Smith, Joseph, Lt Gen

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Last Rank
Lieutenant General
Last Primary AFSC/MOS
00066-Air Commander
Last AFSC Group
Command and Control
Primary Unit
1951-1958, 00066, Military Air Transport Service (MATS)
Service Years
1923 - 1958
Officer Collar Insignia
Lieutenant General

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Year of Birth
This Military Service Page was created/owned by SSgt Robert Bruce McClelland, Jr. to remember Smith, Joseph, Lt Gen.

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Contact Info
Home Town
Scranton, Pennsylvania
Last Address
Fort Belvoir, Virginia

Date of Passing
May 19, 1993
Location of Interment
Arlington National Cemetery - Arlington, Virginia
Wall/Plot Coordinates
Plot: Section 7-A, Site 29

 Official Badges 

Air Force Retired

 Unofficial Badges 

 Additional Information
Last Known Activity
Joseph Smith graduated from the U.S. Military Academy on 12 June 1923. He was commissioned a second lieutenant of Cavalry and assigned to the Eighth Cavalry at Fort Bliss, TX. In October 1924, he joined the Second Machine Gun Squadron at Fort Bliss, and later became Squadron Adjutant. 

From November 1927 to October 1928, Joseph learned to fly at the Air Corps Primary Flying School at Brooks Field, TX, and the Air Corps Advanced Flying School at Kelly Field, TX. After graduation, he headed the Cadet Corps at 40th School Squadron at Kelly Field. In December 1928, he joined the 66th Service Squadron at Camp Nichols in the Philippine Islands and transferred to the Air Corps in January 1929.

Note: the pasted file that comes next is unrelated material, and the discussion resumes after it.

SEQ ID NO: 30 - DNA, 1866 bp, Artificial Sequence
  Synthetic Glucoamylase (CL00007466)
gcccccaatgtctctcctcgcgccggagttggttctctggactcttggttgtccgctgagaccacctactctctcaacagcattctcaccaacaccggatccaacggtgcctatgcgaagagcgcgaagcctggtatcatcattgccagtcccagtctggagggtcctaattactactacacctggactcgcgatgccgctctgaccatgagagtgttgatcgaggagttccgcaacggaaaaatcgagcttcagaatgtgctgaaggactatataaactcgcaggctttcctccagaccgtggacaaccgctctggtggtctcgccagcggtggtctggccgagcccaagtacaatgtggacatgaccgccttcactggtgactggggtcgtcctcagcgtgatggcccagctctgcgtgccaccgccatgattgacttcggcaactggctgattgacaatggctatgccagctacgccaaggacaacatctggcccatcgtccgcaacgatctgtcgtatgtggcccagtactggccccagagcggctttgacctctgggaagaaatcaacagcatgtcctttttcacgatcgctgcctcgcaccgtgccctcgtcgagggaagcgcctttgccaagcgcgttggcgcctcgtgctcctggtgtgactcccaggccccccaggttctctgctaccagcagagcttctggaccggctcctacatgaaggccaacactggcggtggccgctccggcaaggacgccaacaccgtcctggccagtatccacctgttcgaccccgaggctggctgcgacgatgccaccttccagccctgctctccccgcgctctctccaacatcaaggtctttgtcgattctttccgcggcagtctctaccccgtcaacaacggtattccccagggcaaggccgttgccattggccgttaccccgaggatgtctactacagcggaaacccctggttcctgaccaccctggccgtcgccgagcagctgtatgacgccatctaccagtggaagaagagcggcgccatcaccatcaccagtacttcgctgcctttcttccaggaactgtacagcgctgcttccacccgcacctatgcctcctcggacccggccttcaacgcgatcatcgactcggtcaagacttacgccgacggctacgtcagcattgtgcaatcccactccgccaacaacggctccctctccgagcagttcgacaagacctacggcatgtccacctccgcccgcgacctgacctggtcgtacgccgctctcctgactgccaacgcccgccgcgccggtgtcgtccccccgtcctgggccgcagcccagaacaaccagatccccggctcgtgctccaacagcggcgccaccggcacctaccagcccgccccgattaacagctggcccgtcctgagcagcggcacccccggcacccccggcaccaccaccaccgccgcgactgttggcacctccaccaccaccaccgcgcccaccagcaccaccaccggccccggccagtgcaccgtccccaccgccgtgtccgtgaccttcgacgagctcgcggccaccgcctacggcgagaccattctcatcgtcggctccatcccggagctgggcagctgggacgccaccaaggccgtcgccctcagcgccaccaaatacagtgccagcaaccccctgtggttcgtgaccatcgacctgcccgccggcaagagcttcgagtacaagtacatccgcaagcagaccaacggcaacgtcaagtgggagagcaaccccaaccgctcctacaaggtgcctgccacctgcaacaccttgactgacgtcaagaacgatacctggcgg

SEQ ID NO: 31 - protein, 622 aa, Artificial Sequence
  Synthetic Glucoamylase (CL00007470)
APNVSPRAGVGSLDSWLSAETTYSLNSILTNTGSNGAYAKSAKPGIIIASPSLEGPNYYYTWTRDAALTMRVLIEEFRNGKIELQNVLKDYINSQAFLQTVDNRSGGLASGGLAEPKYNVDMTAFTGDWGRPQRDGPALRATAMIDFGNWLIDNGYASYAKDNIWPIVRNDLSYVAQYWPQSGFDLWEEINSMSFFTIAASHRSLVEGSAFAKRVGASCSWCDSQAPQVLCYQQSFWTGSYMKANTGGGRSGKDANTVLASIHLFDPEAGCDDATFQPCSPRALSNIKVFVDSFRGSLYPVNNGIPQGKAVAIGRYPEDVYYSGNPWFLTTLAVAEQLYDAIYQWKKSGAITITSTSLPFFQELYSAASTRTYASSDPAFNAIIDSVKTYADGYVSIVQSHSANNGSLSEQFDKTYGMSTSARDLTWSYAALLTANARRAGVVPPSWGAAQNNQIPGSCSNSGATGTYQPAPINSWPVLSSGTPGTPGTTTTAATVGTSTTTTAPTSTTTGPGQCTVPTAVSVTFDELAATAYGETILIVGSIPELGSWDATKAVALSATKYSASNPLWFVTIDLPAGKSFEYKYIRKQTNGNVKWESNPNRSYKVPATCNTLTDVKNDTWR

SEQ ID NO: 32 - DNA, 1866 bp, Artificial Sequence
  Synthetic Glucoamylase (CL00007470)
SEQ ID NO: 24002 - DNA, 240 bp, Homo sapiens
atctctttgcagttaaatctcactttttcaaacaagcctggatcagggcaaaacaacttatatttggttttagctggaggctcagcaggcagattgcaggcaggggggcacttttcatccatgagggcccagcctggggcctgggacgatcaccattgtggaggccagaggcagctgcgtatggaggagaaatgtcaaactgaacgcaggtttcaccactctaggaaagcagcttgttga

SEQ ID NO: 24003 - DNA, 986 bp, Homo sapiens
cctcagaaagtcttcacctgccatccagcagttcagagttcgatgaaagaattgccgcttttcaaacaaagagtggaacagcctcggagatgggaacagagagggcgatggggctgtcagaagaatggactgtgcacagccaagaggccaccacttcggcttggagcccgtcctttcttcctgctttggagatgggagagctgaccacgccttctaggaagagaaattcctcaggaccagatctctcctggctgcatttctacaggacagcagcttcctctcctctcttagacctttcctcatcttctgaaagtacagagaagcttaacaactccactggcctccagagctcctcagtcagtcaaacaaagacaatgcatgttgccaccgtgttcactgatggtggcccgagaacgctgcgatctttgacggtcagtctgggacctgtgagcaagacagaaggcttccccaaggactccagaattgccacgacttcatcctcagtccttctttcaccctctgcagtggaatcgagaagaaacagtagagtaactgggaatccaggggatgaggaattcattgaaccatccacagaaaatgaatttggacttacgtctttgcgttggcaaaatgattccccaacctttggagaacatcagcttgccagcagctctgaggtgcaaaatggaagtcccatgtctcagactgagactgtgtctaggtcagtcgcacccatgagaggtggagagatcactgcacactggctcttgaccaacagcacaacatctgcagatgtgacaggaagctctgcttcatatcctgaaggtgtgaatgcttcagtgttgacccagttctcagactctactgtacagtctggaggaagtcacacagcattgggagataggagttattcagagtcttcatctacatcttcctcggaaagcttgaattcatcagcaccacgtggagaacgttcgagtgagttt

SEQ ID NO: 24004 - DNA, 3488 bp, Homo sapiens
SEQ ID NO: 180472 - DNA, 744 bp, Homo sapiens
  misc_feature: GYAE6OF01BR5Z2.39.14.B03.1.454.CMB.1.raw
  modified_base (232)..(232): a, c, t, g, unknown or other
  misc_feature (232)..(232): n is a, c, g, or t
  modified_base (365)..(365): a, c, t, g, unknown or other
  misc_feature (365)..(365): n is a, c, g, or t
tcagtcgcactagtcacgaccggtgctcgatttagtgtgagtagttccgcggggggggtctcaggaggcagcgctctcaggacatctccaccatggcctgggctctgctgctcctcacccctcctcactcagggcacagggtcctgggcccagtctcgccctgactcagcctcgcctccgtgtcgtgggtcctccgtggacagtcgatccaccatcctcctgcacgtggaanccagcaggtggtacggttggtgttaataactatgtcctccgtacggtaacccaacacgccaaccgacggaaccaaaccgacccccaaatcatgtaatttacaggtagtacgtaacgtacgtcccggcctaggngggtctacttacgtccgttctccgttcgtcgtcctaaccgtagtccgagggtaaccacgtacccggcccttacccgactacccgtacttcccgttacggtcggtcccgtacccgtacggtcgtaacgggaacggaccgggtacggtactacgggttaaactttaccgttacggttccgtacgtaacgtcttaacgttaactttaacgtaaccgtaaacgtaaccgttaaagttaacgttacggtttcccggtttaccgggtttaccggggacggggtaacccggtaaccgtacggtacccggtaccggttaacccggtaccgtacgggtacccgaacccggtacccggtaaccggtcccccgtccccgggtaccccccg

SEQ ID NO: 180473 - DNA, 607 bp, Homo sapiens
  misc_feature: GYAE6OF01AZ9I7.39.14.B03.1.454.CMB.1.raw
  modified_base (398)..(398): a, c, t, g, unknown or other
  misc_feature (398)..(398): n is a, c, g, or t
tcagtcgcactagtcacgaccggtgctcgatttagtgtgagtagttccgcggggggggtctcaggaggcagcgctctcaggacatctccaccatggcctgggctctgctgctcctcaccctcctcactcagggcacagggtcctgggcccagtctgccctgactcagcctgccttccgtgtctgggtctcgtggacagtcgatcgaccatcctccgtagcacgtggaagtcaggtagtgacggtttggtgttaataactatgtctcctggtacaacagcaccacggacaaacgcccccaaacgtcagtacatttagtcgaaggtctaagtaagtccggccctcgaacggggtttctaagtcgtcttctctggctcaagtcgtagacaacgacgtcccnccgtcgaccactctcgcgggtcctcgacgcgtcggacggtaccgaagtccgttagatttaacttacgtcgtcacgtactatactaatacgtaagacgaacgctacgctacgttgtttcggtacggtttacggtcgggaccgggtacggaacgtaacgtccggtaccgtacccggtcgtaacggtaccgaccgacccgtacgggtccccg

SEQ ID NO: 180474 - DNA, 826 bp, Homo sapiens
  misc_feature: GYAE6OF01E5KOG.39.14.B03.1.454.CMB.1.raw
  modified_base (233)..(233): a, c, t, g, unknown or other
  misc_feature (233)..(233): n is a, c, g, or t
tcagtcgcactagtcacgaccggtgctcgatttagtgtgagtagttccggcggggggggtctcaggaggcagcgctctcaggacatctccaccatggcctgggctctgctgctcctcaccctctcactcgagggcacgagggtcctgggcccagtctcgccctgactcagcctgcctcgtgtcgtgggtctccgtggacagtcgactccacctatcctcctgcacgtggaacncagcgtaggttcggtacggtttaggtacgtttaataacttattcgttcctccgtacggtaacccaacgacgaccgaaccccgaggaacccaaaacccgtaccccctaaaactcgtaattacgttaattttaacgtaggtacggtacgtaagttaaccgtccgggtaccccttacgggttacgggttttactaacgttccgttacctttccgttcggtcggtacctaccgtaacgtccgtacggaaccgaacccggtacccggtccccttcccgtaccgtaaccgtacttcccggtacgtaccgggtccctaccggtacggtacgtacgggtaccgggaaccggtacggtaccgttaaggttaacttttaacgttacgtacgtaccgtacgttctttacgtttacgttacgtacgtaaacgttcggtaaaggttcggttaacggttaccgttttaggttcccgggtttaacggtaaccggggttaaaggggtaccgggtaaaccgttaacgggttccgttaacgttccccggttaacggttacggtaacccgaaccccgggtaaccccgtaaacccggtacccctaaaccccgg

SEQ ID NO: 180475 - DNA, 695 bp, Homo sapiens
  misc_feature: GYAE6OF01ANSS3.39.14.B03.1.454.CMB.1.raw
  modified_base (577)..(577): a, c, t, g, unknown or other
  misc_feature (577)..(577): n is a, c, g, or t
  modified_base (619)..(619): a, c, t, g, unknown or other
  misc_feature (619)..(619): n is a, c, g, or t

Smith was assigned to Brooks Field as Post Education and Recreation Officer in March 1931; in October, he moved to assume the same duties at Kelly Field. He assumed command of the Flying Cadet Detachment at the Advanced Flying School at Kelly in July 1932. From March to May 1934, he served as a pilot with the Army Air Corps-Mail Operations at Salt Lake City, Utah, flying the U.S. mail. Afterward, he returned to Kelly Field as an instructor at the Advanced Flying School. He was named Flight Commander of the 42nd Bombardment Squadron at Kelly Field in February 1935. 

He entered the Air Corps Tactical School at Maxwell Field, AL, in August 1936 and graduated the following June. He then moved to Mitchel Field, NY, as a student officer at the Group Navigation School. After completing the course in November 1937, he remained at Mitchel Field as Operations Officer of the Ninth Bombardment Group. In September 1938, he entered the Command and General Staff School at Fort Leavenworth, KS and, after graduation in June 1939, resumed his duties as Operations Officer of the Ninth Bombardment Group at Mitchel Field. 

From July 1940 to March 1942, Smith served at Langley Field, VA, and Bolling Field, DC, respectively, as Assistant to the Assistant Chief of Staff for Operations at General Headquarters Air Corps, and later as Assistant to the Assistant Chief of Staff for Operations of the Air Corps Combat Command. His next assignment was as a member of the Strategy Section, Strategy and Policy Group, Operations Division, War Department General Staff, Washington, DC. In April 1943, he was made senior Air Force member of the Joint War Plans Committee, Joint Chiefs of Staff, and as a senior planner, he accompanied President Franklin D. Roosevelt to the Cairo Conference to refine Allied strategy. In January 1944, Smith became Chief of Staff of the Third Air Force in Tampa, FL.

In January 1945, Smith joined the 20th Bomber Command in India and, in March, was appointed its Chief of staff. In August, he became Deputy Chief of Staff of the Eighth Air Force on Okinawa. In October, he was appointed Assistant Chief of Air Staff for Plans at Air Corps headquarters. In November, he became Chief of Staff of the Air University at Maxwell Field, AL, and, in July 1946 was named Deputy Commanding General of the Air University. In August 1946, he became Commandant of the Air Tactical School at Tyndall Field, FL. General Smith, in November 1947, was appointed Headquarters Commandant of the U.S. Air Forces in Europe at Wiesbaden, Germany.